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Weight training tips: This is what — and when — you should be eating

Ideal timing and foods for weight lifters

Male athlete drinking protein shake while sitting in gym.
Westend61 / Adobe Stock

This spring is the perfect time to start weightlifting to improve your strength and overall fitness. As you navigate your regimen, you’ll want to pay close attention to the foods you eat and when you eat them. Believe it or not, this can greatly affect the success of your training.

When thinking about how best to reach your goals, it’ll help to have a well-designed weight-training food plan. It wouldn’t benefit you to eat too soon or too late, so you’ll want to have optimal timing, as well as enjoy the right foods. 

Keep reading to discover which protein, fat, and carbohydrate sources are best, as well as how to time your meals to yield advantageous results.

How diet plays a role in lifting success

Man in a gym watching himself in the mirror
Joseph Bucanan / Pexels

It’s important to emphasize that each component of wellness should flow together to optimize your health outcomes, and there is a connection between diet and exercise outcomes

The nutrients provided by the foods you eat have a great influence on the effectiveness of your training. This is partly due to the type of training you do, as you’d have to consider when to have a greater intake of carbs or protein, and you’d also have to make adjustments for the varying caloric needs at each level of workout intensity.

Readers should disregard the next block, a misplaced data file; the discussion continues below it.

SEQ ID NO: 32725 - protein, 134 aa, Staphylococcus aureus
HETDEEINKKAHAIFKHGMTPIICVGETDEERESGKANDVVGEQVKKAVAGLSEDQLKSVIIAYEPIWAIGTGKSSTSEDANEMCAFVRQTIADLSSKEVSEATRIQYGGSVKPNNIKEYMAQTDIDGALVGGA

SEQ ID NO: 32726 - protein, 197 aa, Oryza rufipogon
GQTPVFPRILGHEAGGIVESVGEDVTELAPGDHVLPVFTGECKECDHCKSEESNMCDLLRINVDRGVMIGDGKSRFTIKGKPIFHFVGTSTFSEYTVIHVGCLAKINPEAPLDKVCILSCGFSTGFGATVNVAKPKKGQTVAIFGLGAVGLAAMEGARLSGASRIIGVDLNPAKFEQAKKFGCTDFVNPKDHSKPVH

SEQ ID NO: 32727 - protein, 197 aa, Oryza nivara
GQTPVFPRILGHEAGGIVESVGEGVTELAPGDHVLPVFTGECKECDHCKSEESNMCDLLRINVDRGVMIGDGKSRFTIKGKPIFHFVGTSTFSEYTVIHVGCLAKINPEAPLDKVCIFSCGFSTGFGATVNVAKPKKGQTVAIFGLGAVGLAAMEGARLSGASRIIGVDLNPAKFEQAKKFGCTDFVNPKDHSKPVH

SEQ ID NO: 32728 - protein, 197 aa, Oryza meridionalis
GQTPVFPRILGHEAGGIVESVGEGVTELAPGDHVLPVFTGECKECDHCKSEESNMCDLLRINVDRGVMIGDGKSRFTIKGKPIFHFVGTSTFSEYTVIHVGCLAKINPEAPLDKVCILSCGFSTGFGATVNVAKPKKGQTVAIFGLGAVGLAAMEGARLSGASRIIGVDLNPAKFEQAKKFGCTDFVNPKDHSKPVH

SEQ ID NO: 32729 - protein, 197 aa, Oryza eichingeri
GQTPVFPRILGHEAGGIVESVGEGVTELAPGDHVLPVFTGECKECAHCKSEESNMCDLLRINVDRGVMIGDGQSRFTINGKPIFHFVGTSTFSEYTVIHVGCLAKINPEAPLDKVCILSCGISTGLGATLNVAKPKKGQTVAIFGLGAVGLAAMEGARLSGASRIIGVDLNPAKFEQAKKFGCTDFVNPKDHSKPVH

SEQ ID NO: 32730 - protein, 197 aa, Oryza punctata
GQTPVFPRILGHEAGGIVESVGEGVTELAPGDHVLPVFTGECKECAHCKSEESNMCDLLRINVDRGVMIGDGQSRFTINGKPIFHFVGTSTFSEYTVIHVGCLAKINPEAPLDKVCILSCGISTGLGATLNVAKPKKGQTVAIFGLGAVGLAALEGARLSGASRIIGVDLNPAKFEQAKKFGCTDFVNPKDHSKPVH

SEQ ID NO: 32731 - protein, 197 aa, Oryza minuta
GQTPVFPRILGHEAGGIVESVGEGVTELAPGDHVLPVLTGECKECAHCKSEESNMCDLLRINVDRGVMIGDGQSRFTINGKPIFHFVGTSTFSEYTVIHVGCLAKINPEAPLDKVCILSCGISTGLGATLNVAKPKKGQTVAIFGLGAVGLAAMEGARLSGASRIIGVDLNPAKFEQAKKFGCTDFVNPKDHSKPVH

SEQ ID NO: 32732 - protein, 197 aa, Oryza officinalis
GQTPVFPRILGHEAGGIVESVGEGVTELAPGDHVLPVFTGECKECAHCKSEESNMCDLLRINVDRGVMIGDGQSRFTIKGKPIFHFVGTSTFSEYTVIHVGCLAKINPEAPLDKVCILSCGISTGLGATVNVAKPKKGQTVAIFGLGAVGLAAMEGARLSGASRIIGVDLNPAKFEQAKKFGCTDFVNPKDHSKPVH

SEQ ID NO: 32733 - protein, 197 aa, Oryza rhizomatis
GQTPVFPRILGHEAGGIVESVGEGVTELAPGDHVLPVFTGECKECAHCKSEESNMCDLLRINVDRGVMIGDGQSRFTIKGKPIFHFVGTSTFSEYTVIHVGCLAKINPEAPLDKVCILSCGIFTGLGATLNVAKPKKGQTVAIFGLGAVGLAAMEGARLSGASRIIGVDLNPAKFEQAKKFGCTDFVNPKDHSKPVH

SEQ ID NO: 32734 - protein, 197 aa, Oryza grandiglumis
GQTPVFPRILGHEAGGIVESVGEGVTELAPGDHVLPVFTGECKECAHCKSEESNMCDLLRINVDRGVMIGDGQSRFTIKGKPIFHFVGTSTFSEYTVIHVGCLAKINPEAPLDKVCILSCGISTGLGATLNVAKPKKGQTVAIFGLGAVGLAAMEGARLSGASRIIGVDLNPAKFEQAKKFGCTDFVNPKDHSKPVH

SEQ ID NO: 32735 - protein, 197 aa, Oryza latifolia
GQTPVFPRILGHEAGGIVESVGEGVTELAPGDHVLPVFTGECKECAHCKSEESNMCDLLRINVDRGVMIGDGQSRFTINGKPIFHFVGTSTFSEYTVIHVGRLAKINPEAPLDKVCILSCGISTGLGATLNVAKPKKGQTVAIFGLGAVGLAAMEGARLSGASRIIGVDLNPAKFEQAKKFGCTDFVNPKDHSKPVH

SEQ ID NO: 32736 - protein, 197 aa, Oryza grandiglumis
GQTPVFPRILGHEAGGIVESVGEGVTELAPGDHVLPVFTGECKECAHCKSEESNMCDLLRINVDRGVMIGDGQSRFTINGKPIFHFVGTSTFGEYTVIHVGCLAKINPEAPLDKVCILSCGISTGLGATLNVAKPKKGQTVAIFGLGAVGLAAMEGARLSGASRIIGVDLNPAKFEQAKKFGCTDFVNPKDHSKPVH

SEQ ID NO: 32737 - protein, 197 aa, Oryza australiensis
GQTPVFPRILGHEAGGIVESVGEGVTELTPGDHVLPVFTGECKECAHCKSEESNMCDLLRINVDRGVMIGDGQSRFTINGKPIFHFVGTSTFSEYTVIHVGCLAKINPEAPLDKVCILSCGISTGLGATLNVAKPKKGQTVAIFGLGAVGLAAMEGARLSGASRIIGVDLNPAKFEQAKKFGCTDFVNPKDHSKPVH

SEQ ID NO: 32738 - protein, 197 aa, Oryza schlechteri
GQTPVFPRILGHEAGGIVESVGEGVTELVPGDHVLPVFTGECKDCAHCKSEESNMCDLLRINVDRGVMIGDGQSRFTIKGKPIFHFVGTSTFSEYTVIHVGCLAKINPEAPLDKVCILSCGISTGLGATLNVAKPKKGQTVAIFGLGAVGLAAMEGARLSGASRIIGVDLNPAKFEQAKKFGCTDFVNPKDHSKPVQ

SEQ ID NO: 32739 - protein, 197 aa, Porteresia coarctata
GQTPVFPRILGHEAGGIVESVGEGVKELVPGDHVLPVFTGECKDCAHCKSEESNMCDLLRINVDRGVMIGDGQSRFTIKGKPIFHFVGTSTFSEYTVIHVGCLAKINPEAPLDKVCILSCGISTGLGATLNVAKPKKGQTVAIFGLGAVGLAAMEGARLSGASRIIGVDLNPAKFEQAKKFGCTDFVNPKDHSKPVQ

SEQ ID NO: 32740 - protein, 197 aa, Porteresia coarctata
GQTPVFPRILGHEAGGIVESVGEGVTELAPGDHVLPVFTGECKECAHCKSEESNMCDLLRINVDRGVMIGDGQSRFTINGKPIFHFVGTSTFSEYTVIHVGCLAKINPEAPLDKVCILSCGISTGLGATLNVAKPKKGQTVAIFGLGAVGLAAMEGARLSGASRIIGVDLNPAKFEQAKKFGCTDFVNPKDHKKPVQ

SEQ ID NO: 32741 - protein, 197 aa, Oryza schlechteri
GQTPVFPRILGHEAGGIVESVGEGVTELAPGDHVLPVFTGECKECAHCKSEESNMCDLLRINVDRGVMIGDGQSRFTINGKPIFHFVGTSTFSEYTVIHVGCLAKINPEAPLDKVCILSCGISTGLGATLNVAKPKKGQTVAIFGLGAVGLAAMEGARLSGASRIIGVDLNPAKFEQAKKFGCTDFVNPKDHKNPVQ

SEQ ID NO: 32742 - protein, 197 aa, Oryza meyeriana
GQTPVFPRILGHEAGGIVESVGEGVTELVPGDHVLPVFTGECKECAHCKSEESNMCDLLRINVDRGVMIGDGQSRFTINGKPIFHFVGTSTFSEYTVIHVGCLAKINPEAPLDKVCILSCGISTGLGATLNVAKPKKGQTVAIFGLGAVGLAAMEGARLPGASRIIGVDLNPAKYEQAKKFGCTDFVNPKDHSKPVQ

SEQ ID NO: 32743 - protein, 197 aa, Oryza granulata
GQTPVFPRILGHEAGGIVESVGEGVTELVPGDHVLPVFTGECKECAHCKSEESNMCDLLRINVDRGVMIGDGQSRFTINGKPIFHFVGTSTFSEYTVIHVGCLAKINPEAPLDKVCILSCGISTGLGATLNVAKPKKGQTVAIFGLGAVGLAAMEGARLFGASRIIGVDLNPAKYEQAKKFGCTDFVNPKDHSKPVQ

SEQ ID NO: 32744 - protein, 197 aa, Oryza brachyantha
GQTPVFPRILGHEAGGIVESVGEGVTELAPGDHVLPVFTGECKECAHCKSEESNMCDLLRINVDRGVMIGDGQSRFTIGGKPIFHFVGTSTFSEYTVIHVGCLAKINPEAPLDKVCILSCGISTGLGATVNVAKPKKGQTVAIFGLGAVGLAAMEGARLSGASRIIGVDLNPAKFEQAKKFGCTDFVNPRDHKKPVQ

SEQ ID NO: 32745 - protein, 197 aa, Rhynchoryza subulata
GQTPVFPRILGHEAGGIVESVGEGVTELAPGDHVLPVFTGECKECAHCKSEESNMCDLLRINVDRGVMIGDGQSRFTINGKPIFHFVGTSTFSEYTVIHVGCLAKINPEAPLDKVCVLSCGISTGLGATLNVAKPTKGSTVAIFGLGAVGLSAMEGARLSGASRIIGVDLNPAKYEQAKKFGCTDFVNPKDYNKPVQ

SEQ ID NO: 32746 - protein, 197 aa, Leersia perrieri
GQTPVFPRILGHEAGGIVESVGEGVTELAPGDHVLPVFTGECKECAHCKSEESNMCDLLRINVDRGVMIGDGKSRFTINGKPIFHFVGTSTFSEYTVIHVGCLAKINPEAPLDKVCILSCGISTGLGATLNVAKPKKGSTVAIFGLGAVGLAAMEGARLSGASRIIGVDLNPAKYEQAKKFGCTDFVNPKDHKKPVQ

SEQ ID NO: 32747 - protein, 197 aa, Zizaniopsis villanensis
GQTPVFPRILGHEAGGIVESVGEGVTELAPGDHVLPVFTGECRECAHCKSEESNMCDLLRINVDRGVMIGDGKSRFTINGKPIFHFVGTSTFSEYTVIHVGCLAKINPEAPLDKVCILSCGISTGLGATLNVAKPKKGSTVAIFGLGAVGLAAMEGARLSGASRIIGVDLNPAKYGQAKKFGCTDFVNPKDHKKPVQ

Look out for the dietary components that may impair your progress. Notorious culprits like sports drinks and fruit juices contain high sugar content. Consider excess ingredients when grabbing your choice of yogurt, as Greek yogurt may be a more beneficial option compared to the full-fat type with added sugars and flavorings. Try grilling or baking your choice of meat instead of frying it, and use vinaigrettes as salad dressings, as these contain less saturated fats.

Overall, you want to aim for natural food sources that are high in protein to help the muscles rebuild after putting in the work during a solid lifting session.

What should you eat before lifting weights?

Bowl of foods high in soluble fiber with fruit and nuts and oats
27707 / Pixabay

If you eat a meal before weightlifting, it would be best to include foods that supply fuel and strength without making you feel full or sluggish. 

Some possible snacks to try might include tuna or turkey, which are light protein sources that deliver amino acids to the muscles. Complex carbs like oats and apples contain some fiber, which nourishes the gut without overloading it while also providing energy. Fat sources, like nuts and yogurt, work to maintain blood sugar levels and to keep you feeling full during your workout. 

It’s also important to note that you should limit excessive amounts of fiber and fat before working out to avoid bloating. Therefore, you should prioritize light, mostly carb-based snacks that won’t delay digestion.

Several sources of pre-workout-friendly nutrients exist, such as B-vitamin complex, creatine, amino acids, and caffeine. These compounds are typically found in fitness-focused supplements because they improve physical performance. 

Creatine supplementation is good for upgrading muscle mass and strength without minimizing fatigue; whole-food sources include fish, eggs, and meat. Caffeine-containing supplements are great for their fat-burning effects and for providing energy. Consider taking a B-vitamin supplement or regularly enjoying sources like seafood, poultry, and leafy greens for even more energy. Lentils, nuts, and seeds supply branched-chain amino acids, which reduce muscle damage while supporting muscle protein synthesis.